How do you judge your corner speed?

Corners and motorcycles go together like nothing else! But how do you judge how fast you ride the corner safely?

Motorcycle cornering

MOTORCYCLES aren’t really meant for straight lines, the physics of leaning the bike into a corner and feeling your bodyweight being pushed into the seat is also all part of the thrill.

But how do you get your speed down to a safe level to take the corner and react if anything should go wrong? Well, there are a few factors at work that need to be looked at. Firstly, let's assume the road you’re riding is not known to you – riding your favourite twisty makes judging your corner speed a whole lot easier after all!

Let’s break the corner approach down into three sections; braking, road position and tipping in.

Braking into a corner

To correctly judge your corner speed you're going to have to assume early on in the braking phase what your maximum speed at the apex will be. This isn’t set in stone and might change the closer to the corner you get. The way to assume this on a road you haven’t ridden before is to set the bike’s speed to allow you to stop the bike in the distance you can see on your side of the road. Should a dog, cat or tractor pull out in front, you need to get it stopped in time.

Once you have your speed set you should be constantly evaluating the corner, adjusting the bike’s speed as necessary.

It goes without saying, getting most – but not all – your braking done in a straight line is a plus. The further a bike leans, the less braking force you’re able to put through the tyres. The reason is that more of the tyre’s grip is needed for cornering, leaving less available to slow the bike.

After the initial slowing down is done in a straight line, any other force through the braking system should be applied smoothly and gently.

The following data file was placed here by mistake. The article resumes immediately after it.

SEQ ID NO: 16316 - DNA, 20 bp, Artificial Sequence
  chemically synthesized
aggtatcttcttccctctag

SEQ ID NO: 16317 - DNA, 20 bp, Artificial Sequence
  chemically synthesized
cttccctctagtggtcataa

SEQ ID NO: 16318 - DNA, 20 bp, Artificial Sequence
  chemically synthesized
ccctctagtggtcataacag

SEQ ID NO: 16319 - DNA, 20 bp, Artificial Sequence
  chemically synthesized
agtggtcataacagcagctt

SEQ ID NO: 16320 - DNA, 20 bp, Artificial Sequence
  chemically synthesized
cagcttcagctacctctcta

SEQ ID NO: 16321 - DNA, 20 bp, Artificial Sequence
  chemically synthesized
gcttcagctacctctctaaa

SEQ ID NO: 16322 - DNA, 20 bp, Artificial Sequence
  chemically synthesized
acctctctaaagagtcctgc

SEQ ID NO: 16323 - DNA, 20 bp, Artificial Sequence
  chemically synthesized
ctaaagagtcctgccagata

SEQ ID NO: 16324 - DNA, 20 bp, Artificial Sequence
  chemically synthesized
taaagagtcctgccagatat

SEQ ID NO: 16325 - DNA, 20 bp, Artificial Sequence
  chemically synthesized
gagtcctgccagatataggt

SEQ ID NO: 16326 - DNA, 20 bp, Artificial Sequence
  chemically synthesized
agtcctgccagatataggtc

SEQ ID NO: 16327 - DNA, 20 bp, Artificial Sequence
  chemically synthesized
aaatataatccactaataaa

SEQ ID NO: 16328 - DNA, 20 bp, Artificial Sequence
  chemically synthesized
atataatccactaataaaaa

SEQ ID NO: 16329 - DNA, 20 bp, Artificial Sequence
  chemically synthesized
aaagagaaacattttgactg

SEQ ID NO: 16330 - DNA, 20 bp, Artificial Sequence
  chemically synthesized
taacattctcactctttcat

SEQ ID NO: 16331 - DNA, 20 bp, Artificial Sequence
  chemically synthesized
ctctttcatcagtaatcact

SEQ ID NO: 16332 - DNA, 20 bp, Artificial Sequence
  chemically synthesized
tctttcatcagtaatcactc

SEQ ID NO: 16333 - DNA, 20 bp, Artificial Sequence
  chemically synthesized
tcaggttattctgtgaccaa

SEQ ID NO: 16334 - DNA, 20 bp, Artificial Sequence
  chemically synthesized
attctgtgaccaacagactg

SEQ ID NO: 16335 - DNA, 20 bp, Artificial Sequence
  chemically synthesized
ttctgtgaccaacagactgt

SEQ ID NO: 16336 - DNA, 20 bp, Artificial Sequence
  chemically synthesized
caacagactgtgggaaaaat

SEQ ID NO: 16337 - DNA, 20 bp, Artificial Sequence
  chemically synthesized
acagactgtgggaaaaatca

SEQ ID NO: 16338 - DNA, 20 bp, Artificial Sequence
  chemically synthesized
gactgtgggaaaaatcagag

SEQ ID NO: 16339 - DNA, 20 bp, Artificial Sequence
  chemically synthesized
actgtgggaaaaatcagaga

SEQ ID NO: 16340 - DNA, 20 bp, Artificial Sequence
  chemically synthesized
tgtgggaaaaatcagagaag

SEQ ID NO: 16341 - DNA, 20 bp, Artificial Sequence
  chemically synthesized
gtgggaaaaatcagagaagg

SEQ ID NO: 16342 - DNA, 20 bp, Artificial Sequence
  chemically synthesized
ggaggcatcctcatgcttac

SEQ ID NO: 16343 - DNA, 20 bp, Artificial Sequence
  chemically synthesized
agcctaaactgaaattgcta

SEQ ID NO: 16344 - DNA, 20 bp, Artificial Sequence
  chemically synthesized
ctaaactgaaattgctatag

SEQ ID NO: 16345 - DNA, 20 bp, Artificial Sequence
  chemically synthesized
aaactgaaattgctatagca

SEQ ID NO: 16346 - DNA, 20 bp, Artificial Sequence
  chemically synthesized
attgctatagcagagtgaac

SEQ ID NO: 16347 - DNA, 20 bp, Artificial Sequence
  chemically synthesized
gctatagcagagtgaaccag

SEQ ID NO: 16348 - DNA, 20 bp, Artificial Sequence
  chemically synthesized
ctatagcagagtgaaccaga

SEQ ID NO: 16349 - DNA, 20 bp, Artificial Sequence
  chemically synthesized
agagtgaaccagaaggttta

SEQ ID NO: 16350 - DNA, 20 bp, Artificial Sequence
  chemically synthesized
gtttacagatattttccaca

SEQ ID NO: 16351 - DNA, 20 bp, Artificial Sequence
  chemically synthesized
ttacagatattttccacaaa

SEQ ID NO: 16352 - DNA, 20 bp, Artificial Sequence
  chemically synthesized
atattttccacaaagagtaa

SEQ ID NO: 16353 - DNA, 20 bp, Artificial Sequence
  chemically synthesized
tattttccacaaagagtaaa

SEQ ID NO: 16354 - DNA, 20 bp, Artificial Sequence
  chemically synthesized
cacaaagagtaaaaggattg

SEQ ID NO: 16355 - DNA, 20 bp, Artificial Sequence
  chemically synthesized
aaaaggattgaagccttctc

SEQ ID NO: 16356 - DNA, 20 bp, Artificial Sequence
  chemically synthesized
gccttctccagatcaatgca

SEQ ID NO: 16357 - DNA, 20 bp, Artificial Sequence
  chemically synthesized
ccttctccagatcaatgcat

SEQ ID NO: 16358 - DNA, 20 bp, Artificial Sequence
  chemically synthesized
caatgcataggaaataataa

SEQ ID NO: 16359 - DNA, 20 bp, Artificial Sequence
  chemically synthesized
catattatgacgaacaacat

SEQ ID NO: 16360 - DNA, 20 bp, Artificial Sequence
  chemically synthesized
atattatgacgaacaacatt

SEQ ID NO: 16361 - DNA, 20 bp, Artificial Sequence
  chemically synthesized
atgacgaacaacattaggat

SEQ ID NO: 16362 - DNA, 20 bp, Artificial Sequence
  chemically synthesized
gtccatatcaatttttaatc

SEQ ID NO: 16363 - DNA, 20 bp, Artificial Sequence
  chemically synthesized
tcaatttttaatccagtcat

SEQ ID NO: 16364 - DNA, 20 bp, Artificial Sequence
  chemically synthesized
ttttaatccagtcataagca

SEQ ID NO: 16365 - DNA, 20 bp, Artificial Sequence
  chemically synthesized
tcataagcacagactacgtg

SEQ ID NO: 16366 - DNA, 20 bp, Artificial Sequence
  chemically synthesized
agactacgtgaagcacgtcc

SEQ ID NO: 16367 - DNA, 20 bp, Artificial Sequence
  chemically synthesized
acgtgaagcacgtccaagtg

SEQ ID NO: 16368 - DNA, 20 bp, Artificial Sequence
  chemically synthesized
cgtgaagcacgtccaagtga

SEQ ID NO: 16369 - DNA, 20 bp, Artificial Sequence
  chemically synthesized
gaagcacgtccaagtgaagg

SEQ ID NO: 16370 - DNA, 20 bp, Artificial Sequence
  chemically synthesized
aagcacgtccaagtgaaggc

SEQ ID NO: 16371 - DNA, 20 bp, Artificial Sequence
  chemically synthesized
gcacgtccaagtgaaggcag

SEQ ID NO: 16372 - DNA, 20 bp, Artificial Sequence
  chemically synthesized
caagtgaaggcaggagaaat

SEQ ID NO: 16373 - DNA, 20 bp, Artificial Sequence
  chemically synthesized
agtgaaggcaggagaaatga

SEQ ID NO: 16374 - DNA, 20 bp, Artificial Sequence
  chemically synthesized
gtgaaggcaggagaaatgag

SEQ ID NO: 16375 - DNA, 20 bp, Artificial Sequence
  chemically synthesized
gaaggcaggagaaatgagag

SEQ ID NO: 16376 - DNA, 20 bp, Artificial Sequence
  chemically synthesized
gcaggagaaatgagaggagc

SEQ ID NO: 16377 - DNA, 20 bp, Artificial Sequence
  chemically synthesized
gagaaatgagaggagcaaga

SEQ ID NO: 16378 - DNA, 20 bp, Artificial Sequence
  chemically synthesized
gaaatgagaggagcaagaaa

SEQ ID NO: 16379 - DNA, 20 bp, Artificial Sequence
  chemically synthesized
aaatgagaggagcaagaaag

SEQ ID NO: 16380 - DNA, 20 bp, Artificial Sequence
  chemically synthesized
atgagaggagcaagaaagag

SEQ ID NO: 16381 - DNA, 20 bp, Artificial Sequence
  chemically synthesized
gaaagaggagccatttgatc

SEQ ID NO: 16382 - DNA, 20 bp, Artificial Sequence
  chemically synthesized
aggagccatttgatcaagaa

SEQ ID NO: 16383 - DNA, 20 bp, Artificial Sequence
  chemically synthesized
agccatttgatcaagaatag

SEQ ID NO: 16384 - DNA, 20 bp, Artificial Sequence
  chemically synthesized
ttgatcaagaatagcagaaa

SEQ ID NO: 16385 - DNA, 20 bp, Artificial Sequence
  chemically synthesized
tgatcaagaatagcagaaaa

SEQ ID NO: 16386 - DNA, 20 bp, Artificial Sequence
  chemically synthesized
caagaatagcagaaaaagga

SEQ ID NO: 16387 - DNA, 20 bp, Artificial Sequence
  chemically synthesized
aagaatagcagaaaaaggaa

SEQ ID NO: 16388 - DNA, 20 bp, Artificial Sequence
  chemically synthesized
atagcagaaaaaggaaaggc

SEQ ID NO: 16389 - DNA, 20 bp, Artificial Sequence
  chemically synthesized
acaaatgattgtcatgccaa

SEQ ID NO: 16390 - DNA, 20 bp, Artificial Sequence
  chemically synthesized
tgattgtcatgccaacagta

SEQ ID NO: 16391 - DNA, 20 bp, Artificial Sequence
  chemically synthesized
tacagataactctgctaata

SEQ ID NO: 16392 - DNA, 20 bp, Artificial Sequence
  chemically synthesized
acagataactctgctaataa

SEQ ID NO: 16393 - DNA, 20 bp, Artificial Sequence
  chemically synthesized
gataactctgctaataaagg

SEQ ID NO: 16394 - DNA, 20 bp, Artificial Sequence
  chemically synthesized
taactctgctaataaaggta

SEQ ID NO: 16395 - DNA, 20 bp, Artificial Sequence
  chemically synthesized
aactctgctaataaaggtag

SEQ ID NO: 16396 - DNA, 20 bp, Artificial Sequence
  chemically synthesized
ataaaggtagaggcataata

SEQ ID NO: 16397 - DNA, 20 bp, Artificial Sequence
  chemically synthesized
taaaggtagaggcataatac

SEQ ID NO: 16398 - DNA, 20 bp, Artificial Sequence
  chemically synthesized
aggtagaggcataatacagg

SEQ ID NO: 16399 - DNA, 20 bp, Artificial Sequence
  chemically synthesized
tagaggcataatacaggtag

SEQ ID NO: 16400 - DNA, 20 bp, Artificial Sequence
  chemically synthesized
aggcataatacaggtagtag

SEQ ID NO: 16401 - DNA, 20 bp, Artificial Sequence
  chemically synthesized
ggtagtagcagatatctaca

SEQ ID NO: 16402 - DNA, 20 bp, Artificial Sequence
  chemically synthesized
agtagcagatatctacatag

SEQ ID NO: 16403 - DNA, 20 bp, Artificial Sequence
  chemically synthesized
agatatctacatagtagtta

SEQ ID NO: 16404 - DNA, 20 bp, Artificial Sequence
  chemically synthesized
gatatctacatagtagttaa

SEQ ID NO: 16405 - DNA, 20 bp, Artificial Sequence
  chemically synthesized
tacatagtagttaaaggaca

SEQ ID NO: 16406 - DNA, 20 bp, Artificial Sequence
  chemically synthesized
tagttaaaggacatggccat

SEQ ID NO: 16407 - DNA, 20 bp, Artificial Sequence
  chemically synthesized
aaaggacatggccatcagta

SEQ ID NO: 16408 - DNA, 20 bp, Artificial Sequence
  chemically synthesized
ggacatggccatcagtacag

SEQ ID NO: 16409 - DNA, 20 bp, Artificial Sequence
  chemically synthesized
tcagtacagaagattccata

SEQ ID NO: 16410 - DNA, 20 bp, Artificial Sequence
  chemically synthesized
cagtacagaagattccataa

Road position into a corner

Taking up a good position into a corner is key to being able to evaluate its severity, get this wrong and you won’t be able to see what’s coming or apply the technique mentioned below.

To help you get the best view around the corner you need to open up the bend as much as is safely possible as you approach the corner. It’s a bit like taking a racing line, although we shouldn’t stray too far onto the wrong side of the road as a racer would.

If you’re heading into a left-hander, move the bike over to the white line in the centre of the road. You don't want to sit on the white line, just 10-12 inches to the left of it. For right-handers move the bike to the left side of the road out towards the kerb.

Who do you use the vanishing point?

Using the vanishing point of the corner to judge the severity of the bend is a good but not fool-proof method. The idea is to look through the corner as far as you can, limiting your speed to that which you can safely stop before reaching the vanishing point.

If the vanishing point starts to come towards you, the corner is getting tighter and you should adjust your speed accordingly. If the vanishing point moves away it means the corner is getting wider and more speed can be applied if it is safe to do so.

Tipping into a corner

Now that most of your braking has been completed, and you can clearly see around and through the corner, it’s time to tip the bike in. Many riders, old and new, make one error when tipping a bike into a turn, they coast around the corner. Your bike should never just coast, you should always be either braking or accelerating. If you judged the corner correctly, all the braking is done before the apex, with some of the acceleration happening before you get to the tightest part of the corner.

The science behind it is that a bike’s suspension doesn’t like just coasting, it’s designed to have load upon it. Being on the throttle also means you can adjust your speed to meet the natural arc of the corner – as the corner opens you can accelerate more and if it tightens you can scrub off some speed by closing the throttle slightly.


Its a corner to the right then slowly lift of a bit just before the corner, stay as close to the white line as possible.

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Yep! I've just been learning a few months and this is still the scariest bit for me.

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Best is difficult to gauge unless you have access to all of the telemetry data and the chance to have tried multiple lines under different conditions.

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